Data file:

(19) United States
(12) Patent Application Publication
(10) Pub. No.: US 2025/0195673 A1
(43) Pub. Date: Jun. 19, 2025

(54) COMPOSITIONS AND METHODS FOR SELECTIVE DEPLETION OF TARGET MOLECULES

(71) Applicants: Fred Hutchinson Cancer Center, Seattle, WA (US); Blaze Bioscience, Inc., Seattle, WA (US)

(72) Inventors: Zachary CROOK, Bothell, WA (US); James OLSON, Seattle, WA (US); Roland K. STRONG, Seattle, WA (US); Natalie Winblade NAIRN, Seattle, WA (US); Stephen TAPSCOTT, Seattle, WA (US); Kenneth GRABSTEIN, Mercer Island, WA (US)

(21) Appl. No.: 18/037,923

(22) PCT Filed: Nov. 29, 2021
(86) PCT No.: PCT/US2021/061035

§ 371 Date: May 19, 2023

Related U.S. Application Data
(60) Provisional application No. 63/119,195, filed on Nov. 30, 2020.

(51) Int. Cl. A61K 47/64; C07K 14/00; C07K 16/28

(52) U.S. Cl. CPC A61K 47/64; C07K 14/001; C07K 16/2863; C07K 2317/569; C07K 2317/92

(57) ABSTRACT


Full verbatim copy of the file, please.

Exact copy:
(19) United States
(12) Patent Application Publication
(10) Pub. No.: US 2025/0195673 A1
(43) Pub. Date: Jun. 19, 2025

(54) COMPOSITIONS AND METHODS FOR SELECTIVE DEPLETION OF TARGET MOLECULES

(71) Applicants: Fred Hutchinson Cancer Center, Seattle, WA (US); Blaze Bioscience, Inc., Seattle, WA (US)

(72) Inventors: Zachary CROOK, Bothell, WA (US); James OLSON, Seattle, WA (US); Roland K. STRONG, Seattle, WA (US); Natalie Winblade NAIRN, Seattle, WA (US); Stephen TAPSCOTT, Seattle, WA (US); Kenneth GRABSTEIN, Mercer Island, WA (US)

(21) Appl. No.: 18/037,923

(22) PCT Filed: Nov. 29, 2021
(86) PCT No.: PCT/US2021/061035

§ 371 Date: May 19, 2023

Related U.S. Application Data
(60) Provisional application No. 63/119,195, filed on Nov. 30, 2020.

(51) Int. Cl. A61K 47/64; C07K 14/00; C07K 16/28

(52) U.S. Cl. CPC A61K 47/64; C07K 14/001; C07K 16/2863; C07K 2317/569; C07K 2317/92

(57) ABSTRACT